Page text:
Friday, June 26, 2009

R' Tzadok haKohen on Korach's rebellion

Does a garment entirely dyed with techeiles still need a single string of techeiles on its tzitzis?
Does a house filled with seforim still need a mezuzah?

According to the Midrash these are the questions Korach used to make his point. Does a people perfect in yirah, represented by the techeiles which alludes to Heaven, and perfect in knowledge of Torah, represented by a house filled with seforim, need a single leader or kohein to rule over them?

R' Tzadok haKohen (Pri Tzadik, Korach 2) explains that Korach's error was not misjudging the level of the people's religiosity -- had there been no truth to his claim that "the entire nation is holy" it would never have been incorporated into the Torah's narrative. Rather, Korach's error was in assuming that this pinnacle of spiritual perfection is a self-sustaining safe landing point after which no further leadership or direction is needed.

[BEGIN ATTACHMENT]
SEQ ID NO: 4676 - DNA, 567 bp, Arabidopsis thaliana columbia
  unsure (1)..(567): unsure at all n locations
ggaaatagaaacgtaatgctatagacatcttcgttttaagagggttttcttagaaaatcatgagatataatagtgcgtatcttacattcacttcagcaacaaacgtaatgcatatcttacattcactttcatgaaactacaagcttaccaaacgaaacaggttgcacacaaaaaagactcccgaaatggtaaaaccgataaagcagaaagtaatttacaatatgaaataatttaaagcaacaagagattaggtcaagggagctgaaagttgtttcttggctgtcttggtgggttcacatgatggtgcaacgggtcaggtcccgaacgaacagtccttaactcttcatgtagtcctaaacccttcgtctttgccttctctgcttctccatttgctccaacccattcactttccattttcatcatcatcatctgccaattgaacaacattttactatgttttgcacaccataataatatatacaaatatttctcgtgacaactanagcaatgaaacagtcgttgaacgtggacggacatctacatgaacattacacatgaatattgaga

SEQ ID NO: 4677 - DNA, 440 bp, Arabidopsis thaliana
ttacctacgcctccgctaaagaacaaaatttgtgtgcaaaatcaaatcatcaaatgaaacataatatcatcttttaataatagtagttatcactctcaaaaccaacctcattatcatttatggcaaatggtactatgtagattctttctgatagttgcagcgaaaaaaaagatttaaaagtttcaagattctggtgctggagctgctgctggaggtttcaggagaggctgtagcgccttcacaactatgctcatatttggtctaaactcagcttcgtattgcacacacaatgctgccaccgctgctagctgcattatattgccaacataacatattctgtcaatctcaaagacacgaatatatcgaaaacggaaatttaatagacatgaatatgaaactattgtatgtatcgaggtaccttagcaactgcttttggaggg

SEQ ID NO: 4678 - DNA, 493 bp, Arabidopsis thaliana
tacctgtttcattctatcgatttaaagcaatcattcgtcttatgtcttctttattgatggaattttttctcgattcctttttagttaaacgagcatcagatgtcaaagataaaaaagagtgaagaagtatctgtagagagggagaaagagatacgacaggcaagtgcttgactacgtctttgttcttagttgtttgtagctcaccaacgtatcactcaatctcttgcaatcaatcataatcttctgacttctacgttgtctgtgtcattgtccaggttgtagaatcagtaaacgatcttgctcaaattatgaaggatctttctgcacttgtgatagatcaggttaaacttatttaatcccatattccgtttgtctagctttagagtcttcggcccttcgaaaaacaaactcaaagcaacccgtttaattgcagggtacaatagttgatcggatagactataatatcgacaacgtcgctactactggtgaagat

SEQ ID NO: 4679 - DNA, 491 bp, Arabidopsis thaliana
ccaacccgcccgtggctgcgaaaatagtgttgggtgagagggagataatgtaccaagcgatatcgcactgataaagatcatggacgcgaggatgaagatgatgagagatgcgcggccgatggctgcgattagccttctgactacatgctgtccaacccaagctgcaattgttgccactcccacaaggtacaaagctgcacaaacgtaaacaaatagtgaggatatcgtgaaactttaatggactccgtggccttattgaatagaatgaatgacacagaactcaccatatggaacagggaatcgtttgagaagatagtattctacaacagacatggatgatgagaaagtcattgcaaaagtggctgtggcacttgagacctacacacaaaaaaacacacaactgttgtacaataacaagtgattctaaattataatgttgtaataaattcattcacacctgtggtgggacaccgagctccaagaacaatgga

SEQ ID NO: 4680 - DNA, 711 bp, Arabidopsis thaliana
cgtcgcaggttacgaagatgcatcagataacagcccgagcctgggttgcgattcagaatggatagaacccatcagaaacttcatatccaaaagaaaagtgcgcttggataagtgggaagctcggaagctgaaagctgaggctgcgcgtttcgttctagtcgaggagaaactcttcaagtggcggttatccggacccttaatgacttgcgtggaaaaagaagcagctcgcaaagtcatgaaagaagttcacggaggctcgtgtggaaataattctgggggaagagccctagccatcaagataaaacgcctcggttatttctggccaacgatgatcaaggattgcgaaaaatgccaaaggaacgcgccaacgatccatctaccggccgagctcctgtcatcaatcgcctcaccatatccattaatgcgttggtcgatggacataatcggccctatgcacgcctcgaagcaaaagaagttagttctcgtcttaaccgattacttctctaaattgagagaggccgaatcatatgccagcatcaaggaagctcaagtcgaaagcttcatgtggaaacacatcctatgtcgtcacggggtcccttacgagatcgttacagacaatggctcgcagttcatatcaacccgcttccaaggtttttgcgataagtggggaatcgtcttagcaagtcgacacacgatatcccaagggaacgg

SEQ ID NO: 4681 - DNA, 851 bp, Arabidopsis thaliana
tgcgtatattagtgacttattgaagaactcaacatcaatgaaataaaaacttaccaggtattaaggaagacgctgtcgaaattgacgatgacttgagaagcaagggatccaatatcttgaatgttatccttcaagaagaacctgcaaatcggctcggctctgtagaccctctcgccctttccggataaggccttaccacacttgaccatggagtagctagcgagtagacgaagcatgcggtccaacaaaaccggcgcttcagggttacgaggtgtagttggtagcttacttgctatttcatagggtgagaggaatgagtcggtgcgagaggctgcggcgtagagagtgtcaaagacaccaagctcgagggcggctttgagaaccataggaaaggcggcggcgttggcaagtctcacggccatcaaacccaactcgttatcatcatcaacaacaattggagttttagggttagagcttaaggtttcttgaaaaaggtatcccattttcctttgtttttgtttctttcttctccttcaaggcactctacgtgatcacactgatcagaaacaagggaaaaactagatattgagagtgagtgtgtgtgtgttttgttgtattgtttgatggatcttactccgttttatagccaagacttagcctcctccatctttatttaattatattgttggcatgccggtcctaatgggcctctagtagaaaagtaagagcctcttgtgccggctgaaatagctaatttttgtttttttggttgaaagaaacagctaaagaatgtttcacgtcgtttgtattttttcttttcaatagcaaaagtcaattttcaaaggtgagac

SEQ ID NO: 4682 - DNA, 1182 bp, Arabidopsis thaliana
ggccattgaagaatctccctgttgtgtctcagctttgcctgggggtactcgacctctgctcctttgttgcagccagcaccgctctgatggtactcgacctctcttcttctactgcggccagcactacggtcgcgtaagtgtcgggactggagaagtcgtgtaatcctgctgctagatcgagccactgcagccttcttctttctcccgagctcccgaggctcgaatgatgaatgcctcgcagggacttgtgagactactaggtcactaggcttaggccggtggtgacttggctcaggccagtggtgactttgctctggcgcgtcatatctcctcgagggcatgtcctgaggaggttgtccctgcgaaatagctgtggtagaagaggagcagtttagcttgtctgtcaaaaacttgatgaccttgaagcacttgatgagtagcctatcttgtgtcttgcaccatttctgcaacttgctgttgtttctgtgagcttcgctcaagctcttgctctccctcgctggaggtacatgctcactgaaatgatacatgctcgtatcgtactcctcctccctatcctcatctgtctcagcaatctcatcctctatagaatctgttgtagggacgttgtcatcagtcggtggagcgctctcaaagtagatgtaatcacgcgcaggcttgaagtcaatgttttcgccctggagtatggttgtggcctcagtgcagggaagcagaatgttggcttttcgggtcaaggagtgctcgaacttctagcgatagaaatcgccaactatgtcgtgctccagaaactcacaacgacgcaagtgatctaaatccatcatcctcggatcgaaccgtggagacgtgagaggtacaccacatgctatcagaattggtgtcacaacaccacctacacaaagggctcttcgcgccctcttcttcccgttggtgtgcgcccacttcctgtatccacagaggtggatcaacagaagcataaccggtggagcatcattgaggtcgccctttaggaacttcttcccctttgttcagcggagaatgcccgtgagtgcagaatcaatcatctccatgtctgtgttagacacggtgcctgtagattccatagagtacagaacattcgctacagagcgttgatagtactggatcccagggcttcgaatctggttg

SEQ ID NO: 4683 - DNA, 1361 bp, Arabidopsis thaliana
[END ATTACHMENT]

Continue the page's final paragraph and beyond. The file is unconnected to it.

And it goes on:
Korach's punishment was to descend "chaim she'olah", into the depths of hell while still remaining alive. The lesson: Without leadership establishing safeguards a person can be spiritually "alive", perfected, "bshleimus hakedushah", as R' Tzadok writes, yet still find himself in gehenom.

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